Column: Traffic roundabouts are a learning challenge that can save lives
Most of us who have been driving for any length of time think we know the rules of the road, but those rules change from time to time. One big change in the last few years has been the appearance on Arizona's roadways - and nationwide - of roundabouts.
Long in use in Europe, roundabouts slow the flow of traffic and eliminate the need for dangerous left turns. The problem is many American drivers do not understand how to use them. Many drivers simply act as if the roundabout is a four-way stop. Others treat it as no stop at all. Neither is quite true.
Generally, you approach a roundabout by slowing down and veering to the right to enter. Don't come to a complete stop unless the traffic in the roundabout is so dense that to proceed would cause a collision. In that case, wait your turn to enter the roundabout, as you would when obeying a yield sign. Stopping when there is no need to stop can surprise the driver behind you, and possibly cause a collision.
The important thing to know is that drivers in the roundabout have right-of-way over traffic trying to enter the roundabout. And drivers trying to exit the roundabout have right-of-way over other vehicles not yet exiting.
If you miss your exit point, just stay in the roundabout and continue around the circle until you have a second chance to access that exit. Use your signal when exiting to the right.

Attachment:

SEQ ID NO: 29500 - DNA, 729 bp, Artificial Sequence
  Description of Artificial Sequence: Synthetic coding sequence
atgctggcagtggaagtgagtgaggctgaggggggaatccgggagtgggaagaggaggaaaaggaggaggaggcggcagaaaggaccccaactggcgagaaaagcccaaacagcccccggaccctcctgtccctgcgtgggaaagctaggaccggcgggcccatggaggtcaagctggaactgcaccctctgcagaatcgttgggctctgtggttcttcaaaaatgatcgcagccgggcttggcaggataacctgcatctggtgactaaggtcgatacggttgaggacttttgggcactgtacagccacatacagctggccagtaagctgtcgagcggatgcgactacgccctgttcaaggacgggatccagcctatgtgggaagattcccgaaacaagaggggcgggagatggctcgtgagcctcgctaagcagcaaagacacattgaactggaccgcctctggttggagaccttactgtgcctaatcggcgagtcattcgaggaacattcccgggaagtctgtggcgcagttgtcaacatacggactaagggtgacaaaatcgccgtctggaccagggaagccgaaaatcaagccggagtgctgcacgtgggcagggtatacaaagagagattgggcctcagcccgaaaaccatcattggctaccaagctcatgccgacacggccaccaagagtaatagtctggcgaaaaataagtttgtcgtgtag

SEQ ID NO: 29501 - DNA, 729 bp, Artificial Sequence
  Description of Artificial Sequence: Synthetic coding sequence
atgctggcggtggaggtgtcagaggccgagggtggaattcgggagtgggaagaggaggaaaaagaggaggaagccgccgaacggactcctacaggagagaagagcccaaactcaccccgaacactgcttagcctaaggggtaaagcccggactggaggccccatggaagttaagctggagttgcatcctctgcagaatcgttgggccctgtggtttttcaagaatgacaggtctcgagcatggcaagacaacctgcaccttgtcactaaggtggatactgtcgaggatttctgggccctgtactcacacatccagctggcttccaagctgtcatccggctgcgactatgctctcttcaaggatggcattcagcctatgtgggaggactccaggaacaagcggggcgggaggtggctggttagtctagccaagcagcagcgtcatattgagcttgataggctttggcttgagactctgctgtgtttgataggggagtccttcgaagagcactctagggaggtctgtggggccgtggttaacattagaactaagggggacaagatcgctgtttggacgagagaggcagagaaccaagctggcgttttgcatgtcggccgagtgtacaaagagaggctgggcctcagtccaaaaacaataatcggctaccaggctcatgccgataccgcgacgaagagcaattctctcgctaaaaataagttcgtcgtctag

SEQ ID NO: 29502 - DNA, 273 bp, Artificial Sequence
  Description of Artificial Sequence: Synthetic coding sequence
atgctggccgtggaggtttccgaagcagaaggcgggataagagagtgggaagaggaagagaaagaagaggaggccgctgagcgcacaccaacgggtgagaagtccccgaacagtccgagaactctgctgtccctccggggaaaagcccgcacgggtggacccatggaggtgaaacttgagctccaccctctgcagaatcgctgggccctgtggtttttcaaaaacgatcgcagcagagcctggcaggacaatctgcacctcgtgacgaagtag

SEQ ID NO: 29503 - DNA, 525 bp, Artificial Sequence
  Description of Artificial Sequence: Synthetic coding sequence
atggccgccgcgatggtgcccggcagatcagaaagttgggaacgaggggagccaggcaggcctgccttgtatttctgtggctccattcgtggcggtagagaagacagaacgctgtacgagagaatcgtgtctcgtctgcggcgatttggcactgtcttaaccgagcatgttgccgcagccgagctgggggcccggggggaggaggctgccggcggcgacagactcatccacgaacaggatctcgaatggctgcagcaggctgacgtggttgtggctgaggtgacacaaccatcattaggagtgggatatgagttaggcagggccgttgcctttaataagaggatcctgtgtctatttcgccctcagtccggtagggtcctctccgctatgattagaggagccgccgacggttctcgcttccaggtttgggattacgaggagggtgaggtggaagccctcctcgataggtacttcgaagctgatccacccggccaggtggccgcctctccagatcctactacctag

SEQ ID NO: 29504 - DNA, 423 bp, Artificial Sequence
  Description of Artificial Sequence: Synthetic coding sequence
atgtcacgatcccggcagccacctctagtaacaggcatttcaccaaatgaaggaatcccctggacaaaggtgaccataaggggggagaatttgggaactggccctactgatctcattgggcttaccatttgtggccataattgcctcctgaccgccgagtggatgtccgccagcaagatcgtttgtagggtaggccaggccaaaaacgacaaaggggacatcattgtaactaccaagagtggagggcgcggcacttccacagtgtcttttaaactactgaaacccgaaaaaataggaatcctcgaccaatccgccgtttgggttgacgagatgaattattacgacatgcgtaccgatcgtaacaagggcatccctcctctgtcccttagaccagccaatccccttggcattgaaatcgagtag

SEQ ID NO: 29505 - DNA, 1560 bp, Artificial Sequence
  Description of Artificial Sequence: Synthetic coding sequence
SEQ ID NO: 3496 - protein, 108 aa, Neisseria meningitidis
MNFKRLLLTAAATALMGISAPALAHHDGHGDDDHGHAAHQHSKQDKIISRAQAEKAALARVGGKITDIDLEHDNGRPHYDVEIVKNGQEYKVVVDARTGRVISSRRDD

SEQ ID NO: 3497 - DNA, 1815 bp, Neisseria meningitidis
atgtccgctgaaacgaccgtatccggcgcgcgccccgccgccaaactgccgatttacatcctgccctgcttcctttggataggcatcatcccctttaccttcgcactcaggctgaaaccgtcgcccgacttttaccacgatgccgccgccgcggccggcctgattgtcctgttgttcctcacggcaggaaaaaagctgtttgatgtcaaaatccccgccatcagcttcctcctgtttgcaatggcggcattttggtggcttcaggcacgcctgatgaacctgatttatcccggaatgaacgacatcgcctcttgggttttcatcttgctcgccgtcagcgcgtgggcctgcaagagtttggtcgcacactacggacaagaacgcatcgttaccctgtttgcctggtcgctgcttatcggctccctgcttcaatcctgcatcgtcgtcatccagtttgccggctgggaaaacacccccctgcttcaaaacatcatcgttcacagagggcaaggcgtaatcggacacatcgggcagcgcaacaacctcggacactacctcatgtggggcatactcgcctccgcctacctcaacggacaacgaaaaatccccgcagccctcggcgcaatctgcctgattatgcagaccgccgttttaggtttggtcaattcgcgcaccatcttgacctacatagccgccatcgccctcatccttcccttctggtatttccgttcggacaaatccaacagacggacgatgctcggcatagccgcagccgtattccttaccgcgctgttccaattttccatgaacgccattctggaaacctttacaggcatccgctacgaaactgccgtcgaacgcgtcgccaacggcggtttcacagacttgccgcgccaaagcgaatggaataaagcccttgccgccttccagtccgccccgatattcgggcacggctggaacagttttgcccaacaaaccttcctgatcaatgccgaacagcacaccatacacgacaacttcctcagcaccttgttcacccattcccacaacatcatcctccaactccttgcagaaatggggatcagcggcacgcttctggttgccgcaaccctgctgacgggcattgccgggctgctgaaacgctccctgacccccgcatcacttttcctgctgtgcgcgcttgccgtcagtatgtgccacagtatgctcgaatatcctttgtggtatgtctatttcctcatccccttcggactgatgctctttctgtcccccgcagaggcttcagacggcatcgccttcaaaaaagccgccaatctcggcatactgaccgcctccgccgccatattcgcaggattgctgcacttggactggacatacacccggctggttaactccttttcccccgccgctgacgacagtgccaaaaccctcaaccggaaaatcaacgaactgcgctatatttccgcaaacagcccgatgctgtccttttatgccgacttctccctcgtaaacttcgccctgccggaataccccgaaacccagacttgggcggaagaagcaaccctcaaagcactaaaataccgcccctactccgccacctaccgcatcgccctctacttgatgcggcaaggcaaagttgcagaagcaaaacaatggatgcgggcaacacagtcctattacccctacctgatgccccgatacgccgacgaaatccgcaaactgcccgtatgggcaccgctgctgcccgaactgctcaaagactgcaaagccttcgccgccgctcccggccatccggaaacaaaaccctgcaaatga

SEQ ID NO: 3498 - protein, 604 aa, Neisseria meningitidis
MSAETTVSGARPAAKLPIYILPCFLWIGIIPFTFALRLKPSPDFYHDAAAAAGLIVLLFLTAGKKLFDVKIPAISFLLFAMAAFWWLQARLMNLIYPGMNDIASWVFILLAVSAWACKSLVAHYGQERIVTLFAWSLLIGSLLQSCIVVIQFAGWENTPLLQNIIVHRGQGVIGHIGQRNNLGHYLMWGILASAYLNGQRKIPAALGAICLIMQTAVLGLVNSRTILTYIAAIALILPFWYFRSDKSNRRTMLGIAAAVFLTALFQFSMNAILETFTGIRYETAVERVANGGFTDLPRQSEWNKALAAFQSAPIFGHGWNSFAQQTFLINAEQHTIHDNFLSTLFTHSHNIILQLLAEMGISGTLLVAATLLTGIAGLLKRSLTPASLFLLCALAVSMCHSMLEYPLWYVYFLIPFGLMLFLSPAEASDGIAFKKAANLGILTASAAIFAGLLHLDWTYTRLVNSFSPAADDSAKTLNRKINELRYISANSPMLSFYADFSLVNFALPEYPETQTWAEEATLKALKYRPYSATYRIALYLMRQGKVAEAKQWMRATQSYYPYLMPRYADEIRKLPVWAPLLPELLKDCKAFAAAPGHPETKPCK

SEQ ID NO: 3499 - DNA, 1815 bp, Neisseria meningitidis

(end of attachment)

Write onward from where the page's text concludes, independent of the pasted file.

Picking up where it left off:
According to the Federal Highway Administration, a branch of the US Department of Transportation, roundabouts are safer than other types of intersections. The FHA's website claims that when roundabouts replaced traditional four-way intersections:
fatal accidents were reduced by more than 90 percent
overall total injuries were reduced by 76 percent, and
the total number of crashes were reduced by 35 percent
The FHA has also reported that in just one recent year, more than nine thousand people lost their lives in traffic intersections in the US. It's a serious public health issue that amounts to a financial loss of more than $96 billion annually.
That's partially because, with roundabouts, head-on and high speed right-angle collisions are virtually eliminated. Add to that the fact that the geometry of a roundabout forces slower speeds than a traditional intersection, making things safer for pedestrians. There is concern, however, about how well the current approach to pedestrian access at roundabouts addresses the needs of the visually impaired. Research is ongoing.
In some places, small roundabouts are being used to replace speed bumps in slowing traffic flow. This change has provided benefit to ambulance services, whose response times can be seriously hampered by speed bumps. According to an article in the London Daily Mail, a study in the English capitol estimated that a reduction in just one minute on average ambulance response time could potentially save 500 lives a year.
- Yavapai Regional Medical Center